The end does not see thrusts us immediately into a nightmare. In a series of blue and black flashes on a boat, harbour lights twinkling in the background, a young, female-appearing protagonist runs across the deck towards the camera, her breathing audible. The shaky camera is pushed backwards, falling off the edge of the boat and into the water where it is engulfed by darkness. The scene, over before it started, feels like the opening of a psychological thriller, like a flash-back or a flash-forward that sparks many questions: why is she running? Did she jump? Is she dead?

 

Next, a moment in broad daylight, the waters calm. The protagonist slowly climbs down from the mast of the ship. She seems cautious, uncertain. On deck she meets a variety of characters in what feels like a video game: some hold her back, others push her forwards. She falls between them, her body flung and flipped around. Behind her, the sun sets over glass high-rises in a futuristic harbour. The music flows from a seaside atmosphere into ominous, industrial-sounding clashes and a suspenseful plucking of strings. In fast-paced close-ups of faces, fingers, elbows, minimal movements are magnified. The odd “crew” of dancers seem to be affected by the touch of the protagonist, falling into convulsing solos and sleek, graceful partner-work.

Still from The end does not see by Davide Belotti

Soon we follow the protagonist down into a brightly lit cabin, at the heart of the ship. There, the crew sits around a long table. She joins them and is met by blank stares. One woman starts to move like a puppet, as if she is being controlled by an invisible force. She slips and slides around the table, contaminating the others, who begin to move with her, seamlessly meeting the same angles and falling in the same directions. An inner turbulence, an inner violence is awakened within them; it manifests itself in perfectly executed sequences along aesthetically pleasing lines that match the geometry of the cabin’s tables, walls, its low ceiling. 

 

The paranoia sets in. It is unclear whether the characters are friends or enemies. Is it a gathering or a fight? It feels like at any point, they could turn against each other. “Trust no one”. Tension is rising in their bodies, in their expressions. A storm is brewing in the confined space of the boat’s underbelly; hands and arms grip at surfaces, weight and hair drops, flops and fingers squeak as they are dragged along plasticky surfaces. A pulsing bassline underscores crashes and shocks that resonate in the bodies of the dancers. Each sonic impact is heightened by sharp jabs in the air or rhythmic drops and spins.

Still from The end does not see by Davide Belotti 

The sounds of the dancers colliding with matter, set against the machine-driven beats, makes the resistance of their bodies, their skin, their flesh, felt. The movement and the music are seamlessly intertwined, like two sides of the same coin. The images exhibit a mastery between touch and tension, making their every move, their every sensation tangible. The building rhythms point to an angst, an inner struggle of the psyche. Is the crew she encounters real? Or are they but projections of her mind? Ghosts on board? Meanwhile, the boat doesn’t rock, no signs of a storm outside: rather, the tempest rages within.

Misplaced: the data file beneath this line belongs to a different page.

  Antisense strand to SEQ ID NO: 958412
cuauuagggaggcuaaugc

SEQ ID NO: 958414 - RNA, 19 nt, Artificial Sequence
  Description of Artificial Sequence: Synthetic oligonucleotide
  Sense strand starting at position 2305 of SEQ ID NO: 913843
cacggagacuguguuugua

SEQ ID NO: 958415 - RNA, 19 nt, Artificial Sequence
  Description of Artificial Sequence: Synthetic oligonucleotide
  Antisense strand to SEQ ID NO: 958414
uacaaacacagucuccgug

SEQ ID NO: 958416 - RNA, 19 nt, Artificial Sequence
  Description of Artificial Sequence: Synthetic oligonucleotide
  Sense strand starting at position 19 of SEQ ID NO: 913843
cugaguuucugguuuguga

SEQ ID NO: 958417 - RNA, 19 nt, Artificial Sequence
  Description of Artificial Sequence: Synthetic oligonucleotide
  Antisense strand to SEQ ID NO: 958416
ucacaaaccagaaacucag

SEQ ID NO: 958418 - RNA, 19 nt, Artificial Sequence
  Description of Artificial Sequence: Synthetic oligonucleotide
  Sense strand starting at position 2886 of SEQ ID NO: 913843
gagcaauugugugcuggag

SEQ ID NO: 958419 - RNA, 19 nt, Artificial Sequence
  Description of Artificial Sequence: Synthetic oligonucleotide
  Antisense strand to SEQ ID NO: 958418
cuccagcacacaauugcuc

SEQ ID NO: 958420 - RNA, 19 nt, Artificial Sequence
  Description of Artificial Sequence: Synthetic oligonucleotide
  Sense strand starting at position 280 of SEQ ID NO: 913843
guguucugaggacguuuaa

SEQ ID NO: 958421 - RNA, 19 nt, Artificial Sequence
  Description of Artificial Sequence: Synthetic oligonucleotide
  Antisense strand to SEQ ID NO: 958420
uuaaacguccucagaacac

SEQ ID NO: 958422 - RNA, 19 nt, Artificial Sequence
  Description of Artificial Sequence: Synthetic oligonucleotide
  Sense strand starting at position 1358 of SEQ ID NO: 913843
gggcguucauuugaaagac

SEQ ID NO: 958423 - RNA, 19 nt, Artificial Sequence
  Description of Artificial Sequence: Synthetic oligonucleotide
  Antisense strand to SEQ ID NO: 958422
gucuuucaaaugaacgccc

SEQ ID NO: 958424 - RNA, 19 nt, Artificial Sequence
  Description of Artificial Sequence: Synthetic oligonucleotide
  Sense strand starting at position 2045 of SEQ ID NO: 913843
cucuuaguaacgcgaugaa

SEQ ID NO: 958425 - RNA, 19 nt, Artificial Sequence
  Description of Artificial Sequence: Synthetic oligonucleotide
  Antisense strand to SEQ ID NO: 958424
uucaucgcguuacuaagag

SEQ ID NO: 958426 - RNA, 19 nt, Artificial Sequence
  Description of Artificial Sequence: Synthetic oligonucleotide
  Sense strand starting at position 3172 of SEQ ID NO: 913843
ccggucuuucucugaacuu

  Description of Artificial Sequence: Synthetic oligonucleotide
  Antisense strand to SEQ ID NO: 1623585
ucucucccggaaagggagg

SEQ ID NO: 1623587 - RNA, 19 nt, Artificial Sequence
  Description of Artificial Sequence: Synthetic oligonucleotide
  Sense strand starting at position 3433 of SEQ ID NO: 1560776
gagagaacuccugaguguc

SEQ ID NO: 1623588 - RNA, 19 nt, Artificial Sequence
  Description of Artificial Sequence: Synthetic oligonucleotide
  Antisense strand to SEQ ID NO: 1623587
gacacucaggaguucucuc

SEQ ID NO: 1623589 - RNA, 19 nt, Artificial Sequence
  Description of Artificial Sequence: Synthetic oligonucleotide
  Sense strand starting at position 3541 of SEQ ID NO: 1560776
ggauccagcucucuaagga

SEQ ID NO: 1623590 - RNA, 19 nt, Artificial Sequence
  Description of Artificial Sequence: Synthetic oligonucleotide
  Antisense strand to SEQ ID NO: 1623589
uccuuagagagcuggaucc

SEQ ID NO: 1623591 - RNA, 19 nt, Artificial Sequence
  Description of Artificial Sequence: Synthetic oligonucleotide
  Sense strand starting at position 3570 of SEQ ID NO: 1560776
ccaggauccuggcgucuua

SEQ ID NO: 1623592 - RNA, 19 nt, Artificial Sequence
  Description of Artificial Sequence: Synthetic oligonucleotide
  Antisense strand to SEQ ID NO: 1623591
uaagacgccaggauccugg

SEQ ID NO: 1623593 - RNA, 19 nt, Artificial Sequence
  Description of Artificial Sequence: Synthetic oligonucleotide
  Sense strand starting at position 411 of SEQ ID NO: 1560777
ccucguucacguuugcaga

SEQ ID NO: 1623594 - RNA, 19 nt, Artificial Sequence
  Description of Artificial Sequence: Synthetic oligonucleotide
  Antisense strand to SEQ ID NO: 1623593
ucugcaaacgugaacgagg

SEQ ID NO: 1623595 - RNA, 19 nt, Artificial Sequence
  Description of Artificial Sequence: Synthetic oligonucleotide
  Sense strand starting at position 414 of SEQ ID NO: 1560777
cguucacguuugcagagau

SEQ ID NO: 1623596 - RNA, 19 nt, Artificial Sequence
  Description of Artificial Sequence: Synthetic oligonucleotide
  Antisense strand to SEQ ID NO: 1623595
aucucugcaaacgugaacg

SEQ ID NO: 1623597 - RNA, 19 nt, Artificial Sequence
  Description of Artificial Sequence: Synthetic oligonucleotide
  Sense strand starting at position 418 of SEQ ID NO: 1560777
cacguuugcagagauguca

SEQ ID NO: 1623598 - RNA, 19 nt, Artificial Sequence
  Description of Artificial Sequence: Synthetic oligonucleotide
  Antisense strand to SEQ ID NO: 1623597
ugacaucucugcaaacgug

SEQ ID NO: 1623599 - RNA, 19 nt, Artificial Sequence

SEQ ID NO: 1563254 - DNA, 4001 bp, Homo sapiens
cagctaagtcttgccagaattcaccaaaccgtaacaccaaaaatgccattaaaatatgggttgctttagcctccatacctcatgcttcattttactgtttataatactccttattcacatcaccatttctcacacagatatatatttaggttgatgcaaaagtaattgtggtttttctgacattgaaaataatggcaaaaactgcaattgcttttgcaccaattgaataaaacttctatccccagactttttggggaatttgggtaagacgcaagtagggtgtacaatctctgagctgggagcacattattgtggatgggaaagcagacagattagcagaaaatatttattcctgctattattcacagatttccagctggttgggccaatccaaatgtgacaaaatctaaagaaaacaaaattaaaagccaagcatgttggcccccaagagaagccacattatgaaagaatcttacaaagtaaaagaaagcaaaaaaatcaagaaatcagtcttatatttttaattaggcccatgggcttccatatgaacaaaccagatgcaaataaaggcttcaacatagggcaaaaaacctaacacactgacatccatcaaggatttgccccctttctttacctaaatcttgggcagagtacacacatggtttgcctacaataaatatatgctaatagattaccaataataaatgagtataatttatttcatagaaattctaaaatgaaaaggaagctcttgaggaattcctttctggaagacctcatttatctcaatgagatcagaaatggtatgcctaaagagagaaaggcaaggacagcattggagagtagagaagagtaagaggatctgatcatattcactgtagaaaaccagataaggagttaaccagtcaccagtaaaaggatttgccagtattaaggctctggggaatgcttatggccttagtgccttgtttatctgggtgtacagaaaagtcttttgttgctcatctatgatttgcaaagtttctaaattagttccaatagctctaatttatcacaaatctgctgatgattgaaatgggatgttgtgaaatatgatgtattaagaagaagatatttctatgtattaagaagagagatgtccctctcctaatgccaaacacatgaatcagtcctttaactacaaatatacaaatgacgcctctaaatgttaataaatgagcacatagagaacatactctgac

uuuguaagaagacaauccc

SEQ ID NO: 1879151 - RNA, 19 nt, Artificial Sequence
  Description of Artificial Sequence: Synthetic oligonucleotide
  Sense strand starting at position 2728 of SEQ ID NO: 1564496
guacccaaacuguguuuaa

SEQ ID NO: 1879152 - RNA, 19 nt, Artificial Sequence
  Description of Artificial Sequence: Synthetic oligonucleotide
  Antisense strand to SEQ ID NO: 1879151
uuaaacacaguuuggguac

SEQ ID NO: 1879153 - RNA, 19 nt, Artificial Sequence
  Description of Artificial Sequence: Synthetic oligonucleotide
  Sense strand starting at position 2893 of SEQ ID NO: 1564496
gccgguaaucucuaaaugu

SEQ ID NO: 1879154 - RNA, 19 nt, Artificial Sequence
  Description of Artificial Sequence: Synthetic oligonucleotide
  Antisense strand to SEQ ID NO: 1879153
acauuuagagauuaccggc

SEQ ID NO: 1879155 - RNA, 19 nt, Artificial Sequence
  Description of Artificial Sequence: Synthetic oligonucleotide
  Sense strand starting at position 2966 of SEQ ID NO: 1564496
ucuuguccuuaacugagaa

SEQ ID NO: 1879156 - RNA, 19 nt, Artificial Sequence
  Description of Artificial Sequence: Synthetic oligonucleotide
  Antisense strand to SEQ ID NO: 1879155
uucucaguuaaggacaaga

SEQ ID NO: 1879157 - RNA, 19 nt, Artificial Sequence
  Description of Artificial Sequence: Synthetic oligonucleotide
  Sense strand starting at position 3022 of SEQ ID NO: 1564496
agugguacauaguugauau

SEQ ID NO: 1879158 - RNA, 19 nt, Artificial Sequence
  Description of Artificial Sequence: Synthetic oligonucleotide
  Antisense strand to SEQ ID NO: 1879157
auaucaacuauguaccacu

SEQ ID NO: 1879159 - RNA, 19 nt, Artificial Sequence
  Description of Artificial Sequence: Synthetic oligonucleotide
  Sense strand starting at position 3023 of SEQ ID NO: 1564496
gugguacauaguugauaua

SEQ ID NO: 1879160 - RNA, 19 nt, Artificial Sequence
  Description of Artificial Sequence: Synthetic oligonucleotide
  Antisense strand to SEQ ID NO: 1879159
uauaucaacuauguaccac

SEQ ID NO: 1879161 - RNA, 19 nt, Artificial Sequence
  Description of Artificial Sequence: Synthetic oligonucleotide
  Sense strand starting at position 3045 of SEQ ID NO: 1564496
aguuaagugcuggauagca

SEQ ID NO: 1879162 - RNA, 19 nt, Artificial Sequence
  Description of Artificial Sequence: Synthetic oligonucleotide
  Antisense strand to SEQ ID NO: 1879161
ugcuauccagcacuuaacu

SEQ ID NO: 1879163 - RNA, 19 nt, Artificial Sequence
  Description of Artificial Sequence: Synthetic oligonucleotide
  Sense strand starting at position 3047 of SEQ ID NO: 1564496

As the music climbs, we are brought once again to a black out and then to a darkened, night-time scene. Flashlights flit between corridors, and we follow the protagonist to a green-lit machine room. Here she resists the force of air blowing on her face, her hair pushed back, her eyelids fluttering. She struggles to breathe, her mouth open wide… It is not the force of the wind that is causing this, rather an invisible power of which we can only see, feel, sense the impact. The sound transitions into a high-pitched ringing and before we know it it’s all over. Back to the mast, which our protagonist, once again, descends. Just like in the movies, the ending takes us back to the beginning and leaves us with the question: was it all a dream?


This material was created within the project Translation on Air – a section dedicated to dance for the screen or screendance. Every month we invite the professional and amateur audience, tempted by this intriguing symbiosis between cinema and dance, to join our readings, conversations, and discussions with active practitioners and choreographers in this field from the country and abroad.

The project Translation on Air is implemented with the financial support of the National Fund Culture under the program Audiences 2020 and One-Year Grant 2021.


Videography and references: 

Short film The end does not see by Davide Belotti

Beatrix Joyce (UK/NL) is a dance artist and dance writer based in Berlin. She trained in Contemporary Dance at Laban, London and graduated with an MA in Sociology from Goldsmiths University in 2016. She works across the domains of dance, writing and sound and creates site-specific, intermedia and immersive performances. In 2021 she started the performance in public space series WILD ACCESS, a hybrid format between audio walk and live performance, which has so far had three editions in Berlin: “WILD ACCESS Schöneberg” (September 2021, funded by Bezirksamt Schöneberg and Initiative Draußenstadt), “WILD ACCESS Pankow” (October 2021, funded by Bezirksamt Pankow), and “WILD ACCESS Lichtenberg” (October 2022, funded by Bezirksamt Lichtenberg and Fonds Darstellende Künste). In 2022 she was a resident artist in Cottbus, Brandenburg as part of the DiR Residency programme. As a writer, she joined the editorial team for Tanz im August in 2020 and writes for among others Stream (Tanzfabrik, Berlin) and Springback Magazine.